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Surviving on the frontlines of COVID-19

October 11, 2023 | UCI Health
UCI Health trauma nurse Thien (Tim) Do stands just outside the busy emergency department at Douglas Hospital.
For emergency department nurse Tim Do, caring for the sickest of the sick is a calling, despite the risks. Photo by Michael Der.

Thien (Tim) Do brings a unique perspective to his work as an emergency department (ED) nurse at UCI Medical Center.

He’d earned a college degree in computer engineering but became a licensed vocational nurse after the internet bubble burst in 2000. The married father of three then earned an RN degree and joined UCI Health in 2013.

When news of a mysterious virus later named COVID-19 began to circulate in early 2020, Do paid close attention.He and his ED colleagues began to educate themselves and prepare as best they could. Then in late April 2020, he fell gravely ill.

Do survived but today he worries that society is taking the disease and its lessons too lightly. Here he recounts his harrowing struggle with the infectious disease for Live Well.

The onslaught begins

When the first COVID-19 cases began to appear in our ED, we were all on pins and needles. We knew the onslaught was going to come, but we didn’t know how to prepare or to prevent getting it.

In late April, I developed flu symptoms. It got to the point where I couldn’t get out of bed. I couldn’t walk 10 feet without having to hold onto something. My pulse oxygen level dropped to 82. Anything 80 or below, you need to get to the ED.

By that time, I’d been sick for about a month. We didn’t have any treatment that worked yet. I’d been following COVID-19 statistics closely. With my symptoms and low pulse oxygen rate, I knew if I went to the ED I would be automatically intubated. I’d read that only 10% of the people in New York City who were intubated made it through. I decided to take my chances.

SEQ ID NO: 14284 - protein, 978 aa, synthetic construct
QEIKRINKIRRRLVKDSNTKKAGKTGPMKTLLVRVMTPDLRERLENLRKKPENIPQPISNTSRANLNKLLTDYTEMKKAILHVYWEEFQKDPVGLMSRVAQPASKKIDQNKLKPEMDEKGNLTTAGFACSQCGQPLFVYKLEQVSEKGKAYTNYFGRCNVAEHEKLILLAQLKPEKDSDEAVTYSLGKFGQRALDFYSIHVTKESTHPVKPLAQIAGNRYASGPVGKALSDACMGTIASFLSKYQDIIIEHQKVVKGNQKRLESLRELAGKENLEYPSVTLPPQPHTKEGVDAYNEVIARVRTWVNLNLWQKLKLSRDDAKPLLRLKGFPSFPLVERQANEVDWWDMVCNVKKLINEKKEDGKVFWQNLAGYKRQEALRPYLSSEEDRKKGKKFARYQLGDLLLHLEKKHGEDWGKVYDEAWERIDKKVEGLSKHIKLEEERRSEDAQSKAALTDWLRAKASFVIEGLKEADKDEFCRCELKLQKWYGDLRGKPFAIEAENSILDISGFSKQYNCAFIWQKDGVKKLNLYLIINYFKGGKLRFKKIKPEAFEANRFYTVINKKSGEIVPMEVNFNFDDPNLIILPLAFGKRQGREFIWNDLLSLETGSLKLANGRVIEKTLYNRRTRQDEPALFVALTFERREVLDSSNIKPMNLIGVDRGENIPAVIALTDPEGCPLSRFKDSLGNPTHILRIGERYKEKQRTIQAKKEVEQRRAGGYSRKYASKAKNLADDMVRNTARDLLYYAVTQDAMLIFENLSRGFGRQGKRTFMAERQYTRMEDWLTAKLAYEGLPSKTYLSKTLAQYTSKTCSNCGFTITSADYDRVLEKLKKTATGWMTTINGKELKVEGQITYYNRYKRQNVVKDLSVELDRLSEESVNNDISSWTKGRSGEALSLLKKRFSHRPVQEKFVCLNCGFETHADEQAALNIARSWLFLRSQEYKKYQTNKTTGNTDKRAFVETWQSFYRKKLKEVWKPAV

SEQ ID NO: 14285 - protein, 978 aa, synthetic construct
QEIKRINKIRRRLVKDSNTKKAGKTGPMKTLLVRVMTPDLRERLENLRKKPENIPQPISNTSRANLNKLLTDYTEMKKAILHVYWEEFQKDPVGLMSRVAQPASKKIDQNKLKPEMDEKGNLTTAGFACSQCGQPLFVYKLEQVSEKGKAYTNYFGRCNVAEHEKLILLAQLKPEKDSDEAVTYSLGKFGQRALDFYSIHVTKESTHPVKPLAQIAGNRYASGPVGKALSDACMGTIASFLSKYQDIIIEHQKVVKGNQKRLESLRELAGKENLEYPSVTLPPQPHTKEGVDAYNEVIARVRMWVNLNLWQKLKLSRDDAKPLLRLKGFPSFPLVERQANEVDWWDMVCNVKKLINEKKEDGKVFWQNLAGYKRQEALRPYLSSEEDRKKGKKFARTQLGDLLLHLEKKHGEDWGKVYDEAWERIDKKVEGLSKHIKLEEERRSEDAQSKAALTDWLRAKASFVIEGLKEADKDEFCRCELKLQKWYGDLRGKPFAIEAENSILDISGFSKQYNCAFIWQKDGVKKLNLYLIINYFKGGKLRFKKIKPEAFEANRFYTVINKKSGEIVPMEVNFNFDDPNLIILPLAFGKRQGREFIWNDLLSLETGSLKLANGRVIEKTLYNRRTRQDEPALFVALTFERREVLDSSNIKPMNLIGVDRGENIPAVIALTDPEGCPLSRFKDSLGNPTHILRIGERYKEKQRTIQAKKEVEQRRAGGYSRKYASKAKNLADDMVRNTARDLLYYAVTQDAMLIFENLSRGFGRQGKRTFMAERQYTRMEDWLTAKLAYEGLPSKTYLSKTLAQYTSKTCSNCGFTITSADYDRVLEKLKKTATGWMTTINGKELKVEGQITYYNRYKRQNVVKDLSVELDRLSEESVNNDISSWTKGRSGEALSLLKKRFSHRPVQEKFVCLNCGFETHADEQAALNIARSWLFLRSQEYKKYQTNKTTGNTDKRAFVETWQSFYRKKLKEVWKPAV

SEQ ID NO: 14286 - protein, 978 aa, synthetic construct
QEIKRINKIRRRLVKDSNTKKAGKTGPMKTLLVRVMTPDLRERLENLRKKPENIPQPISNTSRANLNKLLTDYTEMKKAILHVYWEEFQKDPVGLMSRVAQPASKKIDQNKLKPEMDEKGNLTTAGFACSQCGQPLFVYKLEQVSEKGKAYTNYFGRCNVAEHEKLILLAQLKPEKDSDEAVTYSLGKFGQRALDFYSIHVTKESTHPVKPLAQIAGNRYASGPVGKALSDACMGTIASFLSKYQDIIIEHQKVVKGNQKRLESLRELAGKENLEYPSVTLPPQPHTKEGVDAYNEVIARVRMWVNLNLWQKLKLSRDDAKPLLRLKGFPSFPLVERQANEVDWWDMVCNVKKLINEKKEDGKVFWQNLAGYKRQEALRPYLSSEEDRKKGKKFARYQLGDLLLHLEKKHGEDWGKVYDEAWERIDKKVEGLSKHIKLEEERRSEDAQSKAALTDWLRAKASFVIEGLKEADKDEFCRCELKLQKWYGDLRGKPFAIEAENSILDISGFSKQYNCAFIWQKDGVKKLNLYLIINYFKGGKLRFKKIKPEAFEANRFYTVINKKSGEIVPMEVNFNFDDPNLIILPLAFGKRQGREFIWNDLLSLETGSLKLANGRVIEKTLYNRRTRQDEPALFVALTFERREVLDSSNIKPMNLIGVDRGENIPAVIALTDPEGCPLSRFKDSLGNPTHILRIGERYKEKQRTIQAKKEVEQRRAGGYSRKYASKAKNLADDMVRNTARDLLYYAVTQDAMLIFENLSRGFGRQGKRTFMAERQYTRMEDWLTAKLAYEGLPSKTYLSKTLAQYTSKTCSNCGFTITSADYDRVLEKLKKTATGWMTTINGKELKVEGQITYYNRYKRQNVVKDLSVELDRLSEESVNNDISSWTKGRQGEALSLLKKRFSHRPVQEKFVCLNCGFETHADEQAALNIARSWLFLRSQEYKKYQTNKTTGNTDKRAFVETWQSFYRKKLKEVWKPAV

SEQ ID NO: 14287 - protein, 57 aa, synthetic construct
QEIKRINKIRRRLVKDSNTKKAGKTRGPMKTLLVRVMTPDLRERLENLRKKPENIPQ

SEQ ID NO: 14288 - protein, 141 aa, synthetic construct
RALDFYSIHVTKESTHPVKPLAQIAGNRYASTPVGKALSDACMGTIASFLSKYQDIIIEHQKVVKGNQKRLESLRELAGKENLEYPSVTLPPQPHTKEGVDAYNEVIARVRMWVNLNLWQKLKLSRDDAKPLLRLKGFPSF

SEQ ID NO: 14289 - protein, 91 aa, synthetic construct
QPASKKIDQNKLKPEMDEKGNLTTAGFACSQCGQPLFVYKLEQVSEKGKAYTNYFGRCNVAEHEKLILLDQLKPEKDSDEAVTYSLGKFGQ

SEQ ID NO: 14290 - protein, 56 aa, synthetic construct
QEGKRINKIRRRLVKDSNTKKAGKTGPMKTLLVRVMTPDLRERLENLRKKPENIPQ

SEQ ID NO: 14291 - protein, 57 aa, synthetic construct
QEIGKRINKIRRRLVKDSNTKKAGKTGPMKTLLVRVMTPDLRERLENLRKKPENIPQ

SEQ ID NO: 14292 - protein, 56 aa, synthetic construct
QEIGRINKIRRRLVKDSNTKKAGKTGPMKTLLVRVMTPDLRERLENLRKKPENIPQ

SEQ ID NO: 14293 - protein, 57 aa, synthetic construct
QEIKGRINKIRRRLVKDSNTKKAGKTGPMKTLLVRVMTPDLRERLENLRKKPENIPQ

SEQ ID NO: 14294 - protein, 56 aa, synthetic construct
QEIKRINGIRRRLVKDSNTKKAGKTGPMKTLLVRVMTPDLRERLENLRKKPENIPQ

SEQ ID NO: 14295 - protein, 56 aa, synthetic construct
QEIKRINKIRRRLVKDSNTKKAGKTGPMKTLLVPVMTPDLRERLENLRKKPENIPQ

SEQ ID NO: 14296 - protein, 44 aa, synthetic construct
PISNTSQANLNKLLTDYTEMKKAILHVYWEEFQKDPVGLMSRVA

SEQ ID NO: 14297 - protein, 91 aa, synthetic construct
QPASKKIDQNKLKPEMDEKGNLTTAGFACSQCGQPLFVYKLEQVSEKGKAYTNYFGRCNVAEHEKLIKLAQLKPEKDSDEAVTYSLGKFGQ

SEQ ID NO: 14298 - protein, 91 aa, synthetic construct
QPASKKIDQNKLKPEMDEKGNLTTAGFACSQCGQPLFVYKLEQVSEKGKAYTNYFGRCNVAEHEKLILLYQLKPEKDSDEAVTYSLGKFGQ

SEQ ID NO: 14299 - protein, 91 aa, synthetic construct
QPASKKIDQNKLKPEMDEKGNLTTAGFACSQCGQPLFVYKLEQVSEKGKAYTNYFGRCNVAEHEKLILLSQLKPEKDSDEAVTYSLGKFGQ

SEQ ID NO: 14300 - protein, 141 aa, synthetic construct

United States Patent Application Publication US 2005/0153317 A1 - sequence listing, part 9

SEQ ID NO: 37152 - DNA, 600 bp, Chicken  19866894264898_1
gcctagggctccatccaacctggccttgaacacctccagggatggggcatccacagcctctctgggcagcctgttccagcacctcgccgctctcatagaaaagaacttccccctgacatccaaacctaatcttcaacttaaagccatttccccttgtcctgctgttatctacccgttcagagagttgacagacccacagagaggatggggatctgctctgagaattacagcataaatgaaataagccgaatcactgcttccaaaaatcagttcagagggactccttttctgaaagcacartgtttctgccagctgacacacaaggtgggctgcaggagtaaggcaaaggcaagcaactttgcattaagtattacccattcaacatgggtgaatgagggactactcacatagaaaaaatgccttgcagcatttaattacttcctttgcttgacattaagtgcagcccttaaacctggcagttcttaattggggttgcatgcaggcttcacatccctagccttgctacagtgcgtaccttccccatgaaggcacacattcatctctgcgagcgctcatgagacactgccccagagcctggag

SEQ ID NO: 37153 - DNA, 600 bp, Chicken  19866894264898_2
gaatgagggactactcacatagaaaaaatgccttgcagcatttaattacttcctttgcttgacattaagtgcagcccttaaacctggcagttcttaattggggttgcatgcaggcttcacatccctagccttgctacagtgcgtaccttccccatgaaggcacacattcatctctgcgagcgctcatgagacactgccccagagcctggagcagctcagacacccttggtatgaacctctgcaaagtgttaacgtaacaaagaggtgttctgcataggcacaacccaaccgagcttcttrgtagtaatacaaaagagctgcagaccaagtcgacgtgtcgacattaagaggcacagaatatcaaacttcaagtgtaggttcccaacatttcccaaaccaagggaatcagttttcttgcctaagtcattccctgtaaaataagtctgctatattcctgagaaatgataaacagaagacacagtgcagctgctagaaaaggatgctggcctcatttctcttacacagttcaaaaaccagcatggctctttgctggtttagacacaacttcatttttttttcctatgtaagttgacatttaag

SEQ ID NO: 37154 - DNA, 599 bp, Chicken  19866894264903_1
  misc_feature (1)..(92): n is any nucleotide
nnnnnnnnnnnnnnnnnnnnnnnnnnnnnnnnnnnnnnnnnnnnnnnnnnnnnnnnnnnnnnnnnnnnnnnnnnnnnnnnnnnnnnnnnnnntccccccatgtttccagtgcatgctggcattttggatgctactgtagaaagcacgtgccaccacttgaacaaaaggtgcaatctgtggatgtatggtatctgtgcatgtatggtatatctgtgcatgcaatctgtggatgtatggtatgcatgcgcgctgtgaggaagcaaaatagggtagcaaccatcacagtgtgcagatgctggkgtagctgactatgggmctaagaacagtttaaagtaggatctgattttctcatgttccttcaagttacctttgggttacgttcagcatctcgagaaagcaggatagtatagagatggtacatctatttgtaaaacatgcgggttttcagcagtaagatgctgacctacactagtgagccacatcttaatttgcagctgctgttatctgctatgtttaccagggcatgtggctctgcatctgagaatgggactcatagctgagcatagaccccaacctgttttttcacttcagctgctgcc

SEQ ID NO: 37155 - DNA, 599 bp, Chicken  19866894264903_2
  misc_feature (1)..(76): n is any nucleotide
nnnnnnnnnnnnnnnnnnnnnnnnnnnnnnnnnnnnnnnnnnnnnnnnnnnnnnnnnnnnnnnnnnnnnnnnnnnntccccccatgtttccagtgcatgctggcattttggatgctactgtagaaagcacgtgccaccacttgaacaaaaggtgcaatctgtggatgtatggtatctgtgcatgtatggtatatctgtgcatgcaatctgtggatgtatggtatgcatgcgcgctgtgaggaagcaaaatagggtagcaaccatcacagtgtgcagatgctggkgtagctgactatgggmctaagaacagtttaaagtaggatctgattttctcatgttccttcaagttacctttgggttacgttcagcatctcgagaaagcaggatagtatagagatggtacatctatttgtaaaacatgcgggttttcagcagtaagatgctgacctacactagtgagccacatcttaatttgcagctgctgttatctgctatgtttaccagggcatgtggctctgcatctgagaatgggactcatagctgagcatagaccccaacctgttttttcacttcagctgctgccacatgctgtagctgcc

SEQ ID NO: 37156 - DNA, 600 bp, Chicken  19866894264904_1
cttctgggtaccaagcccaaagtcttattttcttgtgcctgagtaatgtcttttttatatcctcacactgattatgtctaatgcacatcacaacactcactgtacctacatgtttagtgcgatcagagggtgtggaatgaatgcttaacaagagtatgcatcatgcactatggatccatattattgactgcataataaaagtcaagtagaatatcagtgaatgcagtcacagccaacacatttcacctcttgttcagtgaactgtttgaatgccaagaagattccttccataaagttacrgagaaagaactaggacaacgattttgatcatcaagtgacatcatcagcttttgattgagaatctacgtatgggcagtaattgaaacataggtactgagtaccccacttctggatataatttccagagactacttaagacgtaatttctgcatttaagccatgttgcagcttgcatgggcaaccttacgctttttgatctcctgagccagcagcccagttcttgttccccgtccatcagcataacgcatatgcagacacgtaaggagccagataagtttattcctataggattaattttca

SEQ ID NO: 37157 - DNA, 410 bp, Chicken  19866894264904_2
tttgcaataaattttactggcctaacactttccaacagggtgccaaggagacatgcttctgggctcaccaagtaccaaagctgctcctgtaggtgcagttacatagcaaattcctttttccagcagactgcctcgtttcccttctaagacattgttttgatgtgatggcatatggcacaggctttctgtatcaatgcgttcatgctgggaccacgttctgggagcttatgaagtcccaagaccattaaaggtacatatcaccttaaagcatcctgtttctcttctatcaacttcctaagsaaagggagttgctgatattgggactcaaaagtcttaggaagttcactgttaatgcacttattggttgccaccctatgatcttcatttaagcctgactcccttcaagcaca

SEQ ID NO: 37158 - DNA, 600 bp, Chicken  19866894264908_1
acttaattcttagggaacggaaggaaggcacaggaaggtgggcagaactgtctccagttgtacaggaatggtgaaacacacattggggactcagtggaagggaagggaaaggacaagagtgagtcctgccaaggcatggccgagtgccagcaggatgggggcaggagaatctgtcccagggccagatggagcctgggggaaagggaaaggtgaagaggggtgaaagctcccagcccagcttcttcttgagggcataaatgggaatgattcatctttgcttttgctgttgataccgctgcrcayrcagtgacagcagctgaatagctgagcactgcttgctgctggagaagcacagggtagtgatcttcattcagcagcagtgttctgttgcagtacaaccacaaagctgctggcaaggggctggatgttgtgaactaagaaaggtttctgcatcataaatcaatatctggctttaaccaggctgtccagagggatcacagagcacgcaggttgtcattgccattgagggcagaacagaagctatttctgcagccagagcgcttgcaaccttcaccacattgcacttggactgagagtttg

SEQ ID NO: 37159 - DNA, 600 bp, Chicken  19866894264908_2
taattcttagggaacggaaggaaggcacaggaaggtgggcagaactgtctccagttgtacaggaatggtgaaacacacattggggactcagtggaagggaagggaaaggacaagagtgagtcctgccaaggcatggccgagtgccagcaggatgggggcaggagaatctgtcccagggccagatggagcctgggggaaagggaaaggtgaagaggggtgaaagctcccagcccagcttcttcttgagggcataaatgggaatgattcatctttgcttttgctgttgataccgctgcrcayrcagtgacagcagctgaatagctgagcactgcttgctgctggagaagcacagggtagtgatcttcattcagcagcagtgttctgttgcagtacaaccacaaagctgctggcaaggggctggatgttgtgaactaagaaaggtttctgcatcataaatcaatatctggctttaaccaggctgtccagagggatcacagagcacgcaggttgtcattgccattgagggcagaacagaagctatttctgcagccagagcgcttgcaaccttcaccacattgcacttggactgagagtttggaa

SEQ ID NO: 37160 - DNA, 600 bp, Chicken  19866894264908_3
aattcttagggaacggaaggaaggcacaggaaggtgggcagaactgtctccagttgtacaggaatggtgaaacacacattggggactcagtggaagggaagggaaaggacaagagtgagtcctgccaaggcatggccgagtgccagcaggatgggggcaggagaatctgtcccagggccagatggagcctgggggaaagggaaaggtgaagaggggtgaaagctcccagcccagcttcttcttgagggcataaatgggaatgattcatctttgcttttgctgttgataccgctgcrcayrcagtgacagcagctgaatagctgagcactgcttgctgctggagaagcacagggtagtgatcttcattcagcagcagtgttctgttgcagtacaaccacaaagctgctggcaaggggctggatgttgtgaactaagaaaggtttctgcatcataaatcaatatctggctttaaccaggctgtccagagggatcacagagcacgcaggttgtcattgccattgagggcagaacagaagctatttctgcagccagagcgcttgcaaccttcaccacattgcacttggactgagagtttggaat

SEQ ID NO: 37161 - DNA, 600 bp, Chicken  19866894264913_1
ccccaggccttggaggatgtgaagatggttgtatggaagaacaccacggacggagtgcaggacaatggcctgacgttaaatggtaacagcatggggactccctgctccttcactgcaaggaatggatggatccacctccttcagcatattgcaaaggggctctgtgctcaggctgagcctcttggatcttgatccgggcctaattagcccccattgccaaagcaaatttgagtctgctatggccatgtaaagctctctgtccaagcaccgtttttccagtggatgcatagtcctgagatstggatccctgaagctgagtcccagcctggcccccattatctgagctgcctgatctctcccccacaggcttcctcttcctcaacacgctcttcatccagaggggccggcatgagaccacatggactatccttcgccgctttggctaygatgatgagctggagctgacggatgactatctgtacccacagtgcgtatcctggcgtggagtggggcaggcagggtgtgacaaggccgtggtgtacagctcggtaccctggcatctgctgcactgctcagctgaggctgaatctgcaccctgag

Feeling close to death

I told my wife, ‘If I’m going to die, I’d rather it be in my own bed.’ Was that ever scary! I could barely breathe.

One night, I called my family in. I told them if I didn’t last the night, I wanted to say how much I love them. I told my wife to keep an eye on the pulse oxygen level; if it went below 80, to call the paramedics. My kids were 17, 12 and 10 at the time.

I don’t think they realized how close to death I was. I told myself, it’s in God’s hands now. He let me survive.

A very slow recovery

But it took almost four months to get to the point where I could function. It took me a year to get my breathing back.

It wasn’t just me who got sick at work. We were dropping like flies. We had lots of traveling nurses filling in. It’s definitely hard work. But in the ED, we basically just soldier on.

My wife got sick too. I don’t know that people realize healthcare workers put their lives on the line. I’m not saying we’re heroes or anything, but you put yourself and your whole family at risk.

Still here for a reason

Yes, working in the ED is a hazard. That’s why he advises nurses in training to take all precautions to protect themselves and their family — and to get every vaccine available. He knows the pandemic has led nurses to leave the profession in droves, but he still loves the job.

Nursing is a calling. I think God put me here for a reason: to take care of people. I could certainly move on and do something else, but I still love being in the ED, helping to get people stabilized.

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